- Pushups – 3 x 10
T-Nation Push up page
Keep the body tight, the pushup also doubles as a great core movement. Each week try to increase the amount of pushups in the last set. Stick with 10 reps in the first two sets
- Assisted Dips – 3 x 10
I don’t recommend the bench dip variety, due to the impingement of the shoulder joint in that odd angle. Only on dip bars/dip machines with a neutral grip.
Each week work at reducing the amount of assisted weight, with the ultimate goal of unassisted bodyweight dips.
- Assisted Pullups – 3-4 x 10
Just like the dips, the aim is to eventually get to unassisted pullups. This will most likely take longer than dips to achieve. Although this is the ‘pushing’ day, as I’ve mentioned in previous posts, back developing is much more beneficial in evening out body imbalances.
- Box/Bench Step Ups – 4 x 8 each leg
Can vary the difficulty by either changing the height of the step up or holding a dumbbell. This will help with hip mobility/flexibility, which helps with squat depth and performance
- Jack knife sit-up – 3 x 12
Day 2 – ‘Pulls’
- Deadlift – 4 x 6-8
Dave Tate instructional video
Warm up is very important for this exercise. So is focusing on the agonist muscles and ensuring the rest of the body is kept tight. Always ease into any heavy sets. Aiming to stay below 8 reps. Warm up with 2 sets of light weight for 12 reps. Don’t take a lot of time with the lowering (eccentric) movement of the exercise, make that as quick as possible.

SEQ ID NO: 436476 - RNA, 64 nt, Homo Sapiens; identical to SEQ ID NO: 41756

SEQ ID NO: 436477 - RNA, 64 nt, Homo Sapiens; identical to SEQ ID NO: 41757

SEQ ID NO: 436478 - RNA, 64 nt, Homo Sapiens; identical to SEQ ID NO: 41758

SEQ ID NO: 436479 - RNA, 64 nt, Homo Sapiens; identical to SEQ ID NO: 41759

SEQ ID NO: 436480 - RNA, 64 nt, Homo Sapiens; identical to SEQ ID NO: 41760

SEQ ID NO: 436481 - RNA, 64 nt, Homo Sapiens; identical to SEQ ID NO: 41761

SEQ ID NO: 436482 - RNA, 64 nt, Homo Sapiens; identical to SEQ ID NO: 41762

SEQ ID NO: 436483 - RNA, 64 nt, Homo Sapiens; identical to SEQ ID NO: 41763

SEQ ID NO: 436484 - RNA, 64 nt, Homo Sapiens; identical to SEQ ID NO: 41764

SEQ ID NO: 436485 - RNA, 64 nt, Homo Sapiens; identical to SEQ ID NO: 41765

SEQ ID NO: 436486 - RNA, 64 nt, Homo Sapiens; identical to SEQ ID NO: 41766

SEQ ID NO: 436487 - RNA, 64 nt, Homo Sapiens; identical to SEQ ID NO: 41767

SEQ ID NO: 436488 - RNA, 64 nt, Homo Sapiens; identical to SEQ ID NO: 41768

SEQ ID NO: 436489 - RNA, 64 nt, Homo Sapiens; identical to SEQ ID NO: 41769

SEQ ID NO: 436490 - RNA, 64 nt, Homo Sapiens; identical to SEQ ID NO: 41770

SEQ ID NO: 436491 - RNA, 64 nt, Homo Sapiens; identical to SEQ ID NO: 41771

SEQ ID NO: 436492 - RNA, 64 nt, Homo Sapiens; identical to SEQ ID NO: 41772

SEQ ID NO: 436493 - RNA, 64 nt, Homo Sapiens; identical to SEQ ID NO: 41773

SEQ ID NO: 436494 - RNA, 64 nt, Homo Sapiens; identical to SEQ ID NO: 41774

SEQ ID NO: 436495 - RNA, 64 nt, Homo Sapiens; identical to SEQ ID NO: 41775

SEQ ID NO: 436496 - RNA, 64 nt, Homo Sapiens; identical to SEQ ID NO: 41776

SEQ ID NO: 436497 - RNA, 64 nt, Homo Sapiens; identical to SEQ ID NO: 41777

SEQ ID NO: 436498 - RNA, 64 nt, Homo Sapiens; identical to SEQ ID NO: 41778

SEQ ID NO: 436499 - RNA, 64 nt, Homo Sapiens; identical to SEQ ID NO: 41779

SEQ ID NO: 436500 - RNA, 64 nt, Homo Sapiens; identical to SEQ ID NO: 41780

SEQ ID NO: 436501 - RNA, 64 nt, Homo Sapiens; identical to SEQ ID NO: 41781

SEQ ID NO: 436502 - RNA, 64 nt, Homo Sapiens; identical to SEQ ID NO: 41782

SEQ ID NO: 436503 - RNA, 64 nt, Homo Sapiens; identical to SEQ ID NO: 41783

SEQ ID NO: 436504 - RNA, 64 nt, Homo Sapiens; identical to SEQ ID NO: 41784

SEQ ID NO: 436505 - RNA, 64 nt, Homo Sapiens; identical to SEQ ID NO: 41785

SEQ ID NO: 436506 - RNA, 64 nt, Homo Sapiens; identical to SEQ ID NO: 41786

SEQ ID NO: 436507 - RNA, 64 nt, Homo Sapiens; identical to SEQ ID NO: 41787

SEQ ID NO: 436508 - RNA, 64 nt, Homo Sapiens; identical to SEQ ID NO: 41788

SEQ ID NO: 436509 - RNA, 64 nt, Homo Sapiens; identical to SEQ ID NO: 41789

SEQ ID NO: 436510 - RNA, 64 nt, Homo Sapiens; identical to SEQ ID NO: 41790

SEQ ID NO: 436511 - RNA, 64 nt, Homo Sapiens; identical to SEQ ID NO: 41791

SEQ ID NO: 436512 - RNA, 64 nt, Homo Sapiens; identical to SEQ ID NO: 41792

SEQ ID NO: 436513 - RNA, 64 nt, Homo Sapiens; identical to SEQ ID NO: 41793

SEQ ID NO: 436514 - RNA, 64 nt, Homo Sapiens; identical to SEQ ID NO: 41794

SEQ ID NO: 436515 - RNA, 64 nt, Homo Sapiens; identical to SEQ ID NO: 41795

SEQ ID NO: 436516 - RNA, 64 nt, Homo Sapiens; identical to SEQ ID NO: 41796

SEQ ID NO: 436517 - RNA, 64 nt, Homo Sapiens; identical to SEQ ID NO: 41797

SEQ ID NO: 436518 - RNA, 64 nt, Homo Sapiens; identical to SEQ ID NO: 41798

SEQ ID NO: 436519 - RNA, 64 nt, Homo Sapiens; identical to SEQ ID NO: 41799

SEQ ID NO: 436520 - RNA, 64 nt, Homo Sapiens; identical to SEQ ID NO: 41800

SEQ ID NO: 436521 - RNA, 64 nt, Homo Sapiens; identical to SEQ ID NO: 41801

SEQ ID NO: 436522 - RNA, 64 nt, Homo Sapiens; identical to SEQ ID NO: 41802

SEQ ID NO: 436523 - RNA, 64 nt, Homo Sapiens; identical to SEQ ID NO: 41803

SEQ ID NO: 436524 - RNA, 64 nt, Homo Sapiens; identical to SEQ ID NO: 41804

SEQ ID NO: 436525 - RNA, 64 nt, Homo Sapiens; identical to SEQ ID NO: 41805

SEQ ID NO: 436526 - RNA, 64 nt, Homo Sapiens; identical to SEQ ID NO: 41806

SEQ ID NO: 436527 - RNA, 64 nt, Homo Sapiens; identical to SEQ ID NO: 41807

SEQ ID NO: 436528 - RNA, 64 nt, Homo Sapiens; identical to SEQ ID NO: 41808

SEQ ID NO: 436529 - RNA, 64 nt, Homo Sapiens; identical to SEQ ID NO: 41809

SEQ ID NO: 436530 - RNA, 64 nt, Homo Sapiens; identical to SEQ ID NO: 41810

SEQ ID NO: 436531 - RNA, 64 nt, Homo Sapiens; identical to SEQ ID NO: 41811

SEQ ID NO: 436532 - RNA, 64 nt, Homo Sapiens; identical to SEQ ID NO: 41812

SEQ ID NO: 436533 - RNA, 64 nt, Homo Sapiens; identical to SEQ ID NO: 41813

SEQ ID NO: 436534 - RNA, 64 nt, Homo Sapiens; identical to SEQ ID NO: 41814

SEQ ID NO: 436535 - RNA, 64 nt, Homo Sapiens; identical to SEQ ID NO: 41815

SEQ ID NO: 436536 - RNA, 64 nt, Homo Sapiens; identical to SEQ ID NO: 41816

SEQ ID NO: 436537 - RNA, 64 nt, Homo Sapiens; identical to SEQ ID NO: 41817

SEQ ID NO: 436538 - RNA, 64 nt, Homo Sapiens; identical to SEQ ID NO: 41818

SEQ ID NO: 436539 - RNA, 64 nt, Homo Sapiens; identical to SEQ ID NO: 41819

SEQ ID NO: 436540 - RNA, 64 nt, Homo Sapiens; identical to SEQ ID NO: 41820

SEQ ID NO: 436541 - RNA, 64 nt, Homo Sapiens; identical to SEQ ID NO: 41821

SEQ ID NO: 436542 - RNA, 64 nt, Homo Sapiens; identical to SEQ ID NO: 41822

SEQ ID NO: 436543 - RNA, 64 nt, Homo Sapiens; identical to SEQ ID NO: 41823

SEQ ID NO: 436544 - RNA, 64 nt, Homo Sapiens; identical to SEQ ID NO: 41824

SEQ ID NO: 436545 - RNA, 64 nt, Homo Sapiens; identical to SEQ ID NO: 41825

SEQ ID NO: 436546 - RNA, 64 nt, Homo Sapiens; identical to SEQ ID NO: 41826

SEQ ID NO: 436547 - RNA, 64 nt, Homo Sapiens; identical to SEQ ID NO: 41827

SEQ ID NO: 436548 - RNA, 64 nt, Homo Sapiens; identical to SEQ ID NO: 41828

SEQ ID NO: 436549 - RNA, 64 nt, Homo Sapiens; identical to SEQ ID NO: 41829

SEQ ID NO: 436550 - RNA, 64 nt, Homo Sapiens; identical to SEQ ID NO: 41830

- Plank – 2 x 30 seconds
Supersetted only for the first two warmup sets, to really focus on the deadlift movement
- Bent-Over Barbell Row/Pendlay Row – 3 x 12
Pendlay Row video
Make sure to keep the lower back as tight and stiff as possible throughout the movement. Pause on the floor and focus on squeezing the shoulder blades together. Vary the movement with different angles of the back from flat to 45°
- Wide grip Lat Pull Downs 3 x 15